“Parents can no longer afford to pay their wards’ school fees. Their wards no longer go for summer lesson. This is to tell you we are battling with a very big problem. And we are afraid that the situation must not persist, for avoidance of imminent doom. We now pay our teachers their salaries late and it is reflecting in their countenance. It’s just a difficult time which I think would pass away”.

Another Proprietor of school, Mr Adewale Solarin, expressed that “these are really hard times like people would say it, or permit me to say perilous times. We are not in a country where we are still safe. I believe anything could just happen at anytime. In the last few months ago before pupils went for holiday, we witnessed change but a bad one as we witnessed a shrink number of them. Now that they are on holiday, we don’t know what may happen next, but we hope they shall all come back in full”.


For many years, accommodation has become a very big issue in Abuja; let’s say it’s a no-go-area for one who needs to consider his pocket before settling in the City. Even, some people have said that those who stay in Estate in Abuja must be thieves, ghost workers, ritualists, big-time prostitutes, politicians, business-men, 419ners and the rest, due to the costly amount it takes to rent a room, let alone build a house in an Estate.

Mr Olaoluwa Segun, who is planning to leave his current room at Lugbe Area to relocate to a village in Gwarimpa 11, recounted his ordeal to FrontiersNews, saying “for now, I am looking for a landlord that can 6 months rent from me because my house rent has been increased by 5 per cent. When I got to the new place I plan to get, I was asked to pay 180,000 for a room self-contain. Please, where will I get that for just a room, considering my current condition?

Another Abuja resident, Femi Ayoola has suffered demotion as far as accommodation issue is concerned. In his confession, he explained: “I must tell you my brother, things have gone worst. My own case is just like moving from frying pan to fire. Where I stay before, I was paying 250,000 for a room in an Estate. And now, to pay just 150,000 for a room is difficult. I hope I will not go back to my village soon. Things like these get me sad.”


Many commercial drivers and motorcyclists have raised issues concerning the hardship being experienced on a daily basis, rising from the increment of fuel price and other challenges.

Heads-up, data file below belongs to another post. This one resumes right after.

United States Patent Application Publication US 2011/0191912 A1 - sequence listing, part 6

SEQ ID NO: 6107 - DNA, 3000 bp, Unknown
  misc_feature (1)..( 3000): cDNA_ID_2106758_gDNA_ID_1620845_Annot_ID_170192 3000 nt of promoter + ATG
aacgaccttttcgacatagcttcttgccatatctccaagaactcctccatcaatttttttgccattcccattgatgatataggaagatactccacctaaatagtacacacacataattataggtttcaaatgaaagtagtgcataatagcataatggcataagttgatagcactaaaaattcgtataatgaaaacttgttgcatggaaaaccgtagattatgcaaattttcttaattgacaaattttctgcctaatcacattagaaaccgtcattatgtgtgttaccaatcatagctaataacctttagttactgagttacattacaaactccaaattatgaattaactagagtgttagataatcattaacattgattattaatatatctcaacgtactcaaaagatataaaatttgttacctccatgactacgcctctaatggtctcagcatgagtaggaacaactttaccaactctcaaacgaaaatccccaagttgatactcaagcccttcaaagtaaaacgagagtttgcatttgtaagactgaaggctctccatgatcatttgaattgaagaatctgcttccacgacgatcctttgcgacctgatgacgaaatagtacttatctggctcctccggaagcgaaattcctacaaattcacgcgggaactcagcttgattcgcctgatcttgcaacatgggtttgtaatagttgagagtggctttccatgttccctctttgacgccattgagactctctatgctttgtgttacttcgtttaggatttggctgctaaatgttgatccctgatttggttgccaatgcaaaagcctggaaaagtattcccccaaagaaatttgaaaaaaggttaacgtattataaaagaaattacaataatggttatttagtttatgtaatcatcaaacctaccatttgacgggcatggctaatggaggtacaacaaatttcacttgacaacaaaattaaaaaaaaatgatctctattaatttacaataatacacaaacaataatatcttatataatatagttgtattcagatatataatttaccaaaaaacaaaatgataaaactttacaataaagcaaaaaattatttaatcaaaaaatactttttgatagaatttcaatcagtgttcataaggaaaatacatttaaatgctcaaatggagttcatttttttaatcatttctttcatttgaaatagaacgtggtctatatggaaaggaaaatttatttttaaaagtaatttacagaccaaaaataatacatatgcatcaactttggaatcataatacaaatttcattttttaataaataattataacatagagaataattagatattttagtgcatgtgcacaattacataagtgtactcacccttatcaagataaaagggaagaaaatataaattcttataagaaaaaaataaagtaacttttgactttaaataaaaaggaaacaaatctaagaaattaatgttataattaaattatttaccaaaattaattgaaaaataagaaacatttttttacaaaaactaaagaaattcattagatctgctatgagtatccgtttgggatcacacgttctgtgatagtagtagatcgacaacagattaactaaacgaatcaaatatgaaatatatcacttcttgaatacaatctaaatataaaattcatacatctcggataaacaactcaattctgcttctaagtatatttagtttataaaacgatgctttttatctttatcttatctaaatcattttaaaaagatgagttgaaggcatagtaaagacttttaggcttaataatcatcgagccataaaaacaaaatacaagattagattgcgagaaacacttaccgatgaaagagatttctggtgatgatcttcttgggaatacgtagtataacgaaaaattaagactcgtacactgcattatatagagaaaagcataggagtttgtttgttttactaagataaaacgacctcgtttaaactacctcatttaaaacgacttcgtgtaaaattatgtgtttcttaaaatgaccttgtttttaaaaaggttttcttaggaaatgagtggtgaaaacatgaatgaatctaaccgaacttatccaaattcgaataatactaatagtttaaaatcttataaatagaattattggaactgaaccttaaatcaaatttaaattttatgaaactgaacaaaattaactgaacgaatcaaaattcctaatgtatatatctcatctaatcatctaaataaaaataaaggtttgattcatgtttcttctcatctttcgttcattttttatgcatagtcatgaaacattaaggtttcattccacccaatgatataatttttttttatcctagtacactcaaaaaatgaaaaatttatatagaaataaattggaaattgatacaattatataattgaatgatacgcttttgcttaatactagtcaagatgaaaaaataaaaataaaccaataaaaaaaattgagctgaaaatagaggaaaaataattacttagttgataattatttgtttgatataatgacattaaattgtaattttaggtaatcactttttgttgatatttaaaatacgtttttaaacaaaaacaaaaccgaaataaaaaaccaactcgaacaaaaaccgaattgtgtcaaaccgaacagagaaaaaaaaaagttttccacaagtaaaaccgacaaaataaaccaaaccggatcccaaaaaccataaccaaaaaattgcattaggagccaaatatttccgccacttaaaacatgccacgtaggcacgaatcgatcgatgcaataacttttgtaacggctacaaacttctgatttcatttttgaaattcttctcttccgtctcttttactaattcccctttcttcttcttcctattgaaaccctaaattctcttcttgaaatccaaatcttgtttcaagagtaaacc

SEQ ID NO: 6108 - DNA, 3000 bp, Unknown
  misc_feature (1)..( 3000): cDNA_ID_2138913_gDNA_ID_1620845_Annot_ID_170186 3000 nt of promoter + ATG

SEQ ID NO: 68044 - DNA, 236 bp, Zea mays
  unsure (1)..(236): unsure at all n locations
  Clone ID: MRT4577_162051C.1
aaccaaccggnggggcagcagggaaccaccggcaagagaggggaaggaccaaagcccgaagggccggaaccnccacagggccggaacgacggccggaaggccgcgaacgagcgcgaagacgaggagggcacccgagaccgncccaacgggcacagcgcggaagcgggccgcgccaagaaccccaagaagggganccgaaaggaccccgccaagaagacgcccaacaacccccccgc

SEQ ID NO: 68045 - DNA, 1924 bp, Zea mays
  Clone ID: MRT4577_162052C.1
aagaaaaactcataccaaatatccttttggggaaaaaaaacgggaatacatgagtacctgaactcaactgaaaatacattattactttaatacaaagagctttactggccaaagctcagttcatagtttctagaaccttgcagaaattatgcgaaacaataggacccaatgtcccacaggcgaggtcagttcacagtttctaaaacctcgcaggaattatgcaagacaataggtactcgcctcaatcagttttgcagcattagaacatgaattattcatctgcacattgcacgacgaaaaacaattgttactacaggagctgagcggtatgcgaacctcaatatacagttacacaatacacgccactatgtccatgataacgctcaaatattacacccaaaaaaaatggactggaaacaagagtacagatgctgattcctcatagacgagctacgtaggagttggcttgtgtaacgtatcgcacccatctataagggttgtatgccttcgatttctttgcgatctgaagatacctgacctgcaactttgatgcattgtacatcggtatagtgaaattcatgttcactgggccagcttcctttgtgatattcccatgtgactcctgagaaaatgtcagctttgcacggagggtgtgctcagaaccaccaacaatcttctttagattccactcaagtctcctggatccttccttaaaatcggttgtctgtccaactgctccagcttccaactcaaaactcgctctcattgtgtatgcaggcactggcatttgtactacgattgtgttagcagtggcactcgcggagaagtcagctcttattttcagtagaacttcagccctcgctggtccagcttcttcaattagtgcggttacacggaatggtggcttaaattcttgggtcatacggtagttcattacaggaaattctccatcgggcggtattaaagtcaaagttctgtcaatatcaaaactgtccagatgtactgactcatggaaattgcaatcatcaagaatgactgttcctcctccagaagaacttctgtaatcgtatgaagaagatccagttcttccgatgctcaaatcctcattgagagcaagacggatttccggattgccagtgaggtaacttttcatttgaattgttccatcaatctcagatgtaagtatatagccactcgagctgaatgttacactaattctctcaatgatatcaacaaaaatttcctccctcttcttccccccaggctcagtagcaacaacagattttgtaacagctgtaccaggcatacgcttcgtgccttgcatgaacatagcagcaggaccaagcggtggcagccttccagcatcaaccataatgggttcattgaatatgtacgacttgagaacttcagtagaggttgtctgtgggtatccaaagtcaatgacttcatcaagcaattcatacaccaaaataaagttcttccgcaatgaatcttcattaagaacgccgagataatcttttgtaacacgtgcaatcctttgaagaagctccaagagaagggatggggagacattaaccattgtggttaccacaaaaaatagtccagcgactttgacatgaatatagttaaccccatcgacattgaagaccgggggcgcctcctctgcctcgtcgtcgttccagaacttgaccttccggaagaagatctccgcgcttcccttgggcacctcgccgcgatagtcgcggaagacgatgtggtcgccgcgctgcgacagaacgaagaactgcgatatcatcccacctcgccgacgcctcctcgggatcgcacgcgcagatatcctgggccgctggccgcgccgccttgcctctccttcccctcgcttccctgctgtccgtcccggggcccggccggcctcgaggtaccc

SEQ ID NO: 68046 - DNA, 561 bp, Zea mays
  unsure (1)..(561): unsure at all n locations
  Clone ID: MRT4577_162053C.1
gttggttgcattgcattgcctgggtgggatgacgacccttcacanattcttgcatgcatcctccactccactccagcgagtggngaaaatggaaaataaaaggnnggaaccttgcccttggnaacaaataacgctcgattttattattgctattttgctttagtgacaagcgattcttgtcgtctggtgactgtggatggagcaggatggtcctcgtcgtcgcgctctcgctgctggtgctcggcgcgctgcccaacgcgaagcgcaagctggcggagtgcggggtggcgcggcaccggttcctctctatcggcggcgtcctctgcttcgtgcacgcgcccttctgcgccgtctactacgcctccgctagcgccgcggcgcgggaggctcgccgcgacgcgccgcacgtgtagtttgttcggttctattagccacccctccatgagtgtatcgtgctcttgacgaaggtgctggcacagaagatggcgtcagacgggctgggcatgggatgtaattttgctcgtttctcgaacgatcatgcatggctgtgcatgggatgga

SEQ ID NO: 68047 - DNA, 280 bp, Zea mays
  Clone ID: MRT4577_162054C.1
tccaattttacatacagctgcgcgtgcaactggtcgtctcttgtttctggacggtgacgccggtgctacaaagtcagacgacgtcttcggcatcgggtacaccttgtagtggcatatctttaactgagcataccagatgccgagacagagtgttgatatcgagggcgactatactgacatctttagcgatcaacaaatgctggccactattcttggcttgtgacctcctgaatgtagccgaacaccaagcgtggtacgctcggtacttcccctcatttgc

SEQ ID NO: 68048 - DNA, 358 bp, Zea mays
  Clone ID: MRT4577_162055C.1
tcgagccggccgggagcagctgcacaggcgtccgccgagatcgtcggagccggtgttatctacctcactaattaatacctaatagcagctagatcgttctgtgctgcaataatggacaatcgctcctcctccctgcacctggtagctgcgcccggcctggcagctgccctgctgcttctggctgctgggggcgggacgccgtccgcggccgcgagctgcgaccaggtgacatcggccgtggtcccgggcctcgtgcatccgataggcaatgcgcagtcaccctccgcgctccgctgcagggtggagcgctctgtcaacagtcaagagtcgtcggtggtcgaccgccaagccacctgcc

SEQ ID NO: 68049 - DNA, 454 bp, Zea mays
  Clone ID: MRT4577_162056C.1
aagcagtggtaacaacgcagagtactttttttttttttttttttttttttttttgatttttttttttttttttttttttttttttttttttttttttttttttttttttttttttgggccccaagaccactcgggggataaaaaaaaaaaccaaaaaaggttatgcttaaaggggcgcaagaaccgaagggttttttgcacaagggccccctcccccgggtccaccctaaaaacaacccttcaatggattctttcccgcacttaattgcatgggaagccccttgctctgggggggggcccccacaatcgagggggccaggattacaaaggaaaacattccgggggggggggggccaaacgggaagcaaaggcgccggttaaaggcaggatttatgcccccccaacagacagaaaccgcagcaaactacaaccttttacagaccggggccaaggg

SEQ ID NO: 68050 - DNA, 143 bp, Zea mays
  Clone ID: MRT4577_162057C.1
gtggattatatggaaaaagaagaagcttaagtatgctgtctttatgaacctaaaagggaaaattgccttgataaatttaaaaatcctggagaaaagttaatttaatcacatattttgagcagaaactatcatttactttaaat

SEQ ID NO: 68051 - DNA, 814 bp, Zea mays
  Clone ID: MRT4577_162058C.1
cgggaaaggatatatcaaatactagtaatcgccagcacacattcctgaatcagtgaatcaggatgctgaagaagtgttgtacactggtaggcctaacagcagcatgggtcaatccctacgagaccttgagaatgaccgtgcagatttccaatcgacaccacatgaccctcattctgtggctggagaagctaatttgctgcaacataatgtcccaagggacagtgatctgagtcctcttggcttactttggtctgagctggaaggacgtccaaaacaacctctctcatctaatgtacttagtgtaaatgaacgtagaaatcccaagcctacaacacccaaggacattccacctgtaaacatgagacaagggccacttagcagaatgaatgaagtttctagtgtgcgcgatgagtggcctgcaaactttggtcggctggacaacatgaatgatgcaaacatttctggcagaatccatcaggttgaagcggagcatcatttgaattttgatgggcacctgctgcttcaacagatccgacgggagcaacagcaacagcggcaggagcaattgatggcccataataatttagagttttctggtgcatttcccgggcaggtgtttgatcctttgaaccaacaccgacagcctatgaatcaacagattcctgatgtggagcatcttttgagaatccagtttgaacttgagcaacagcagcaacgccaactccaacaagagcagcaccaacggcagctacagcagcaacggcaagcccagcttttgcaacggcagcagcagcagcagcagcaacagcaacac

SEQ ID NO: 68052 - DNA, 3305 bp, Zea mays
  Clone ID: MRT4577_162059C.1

A driver quipped: “you will see a big man, well-dressed, begging you that he has 50 Naira to pay for fare instead of the normal 100 Naira. We drivers too know that the economy is not friendly with anybody. So, we try to adjust to yearnings of people some times. But we are being affected seriously.

Another said: “Many beg us because they don’t have money to pay. But if we continue to continue to convey people, displeasing ourselves, how do we get money to feed our children and wives at home? We also have responsibilities to shoulder. May God help us.”

An Hausa motorcyclist, when asked why he inscribed “CHANGE HAS BEEN NEGATIVE ALL THESE WHILE” at the rear back of his motorcycle, he said: “you are still asking me questions? Are you not in the country? You yourself, are you not experiencing things in a negative way? Oga, let us not deceive ourselves, we all know the truth. Many people are now motorcyclist. I don’t know where they are coming from. Will I blame them when things no dey work for the country again and dey wan chop? Abeg, make I no talk jare. I dey vex”.


Without doubt, the advent of change has caused many wards who are supposed to be given proper education and home training to be abused domestically inter-Alia. A young boy who confided to this writer said that “our parents asked us to go and get firewood because they cannot buy kerosene to cook again. They said it’s too costly. So, that’s why we go into the bush almost everyday to fetch firewood and carry it home. And we must not complain or else they will beat us.

After all said, it is believed that there are angry citizens across the country who are in dire need of government’s help to salvage their situation. And the question that comes to mind is “what is the government doing? Is the government even aware that Nigerians are suffering more than one could imagine?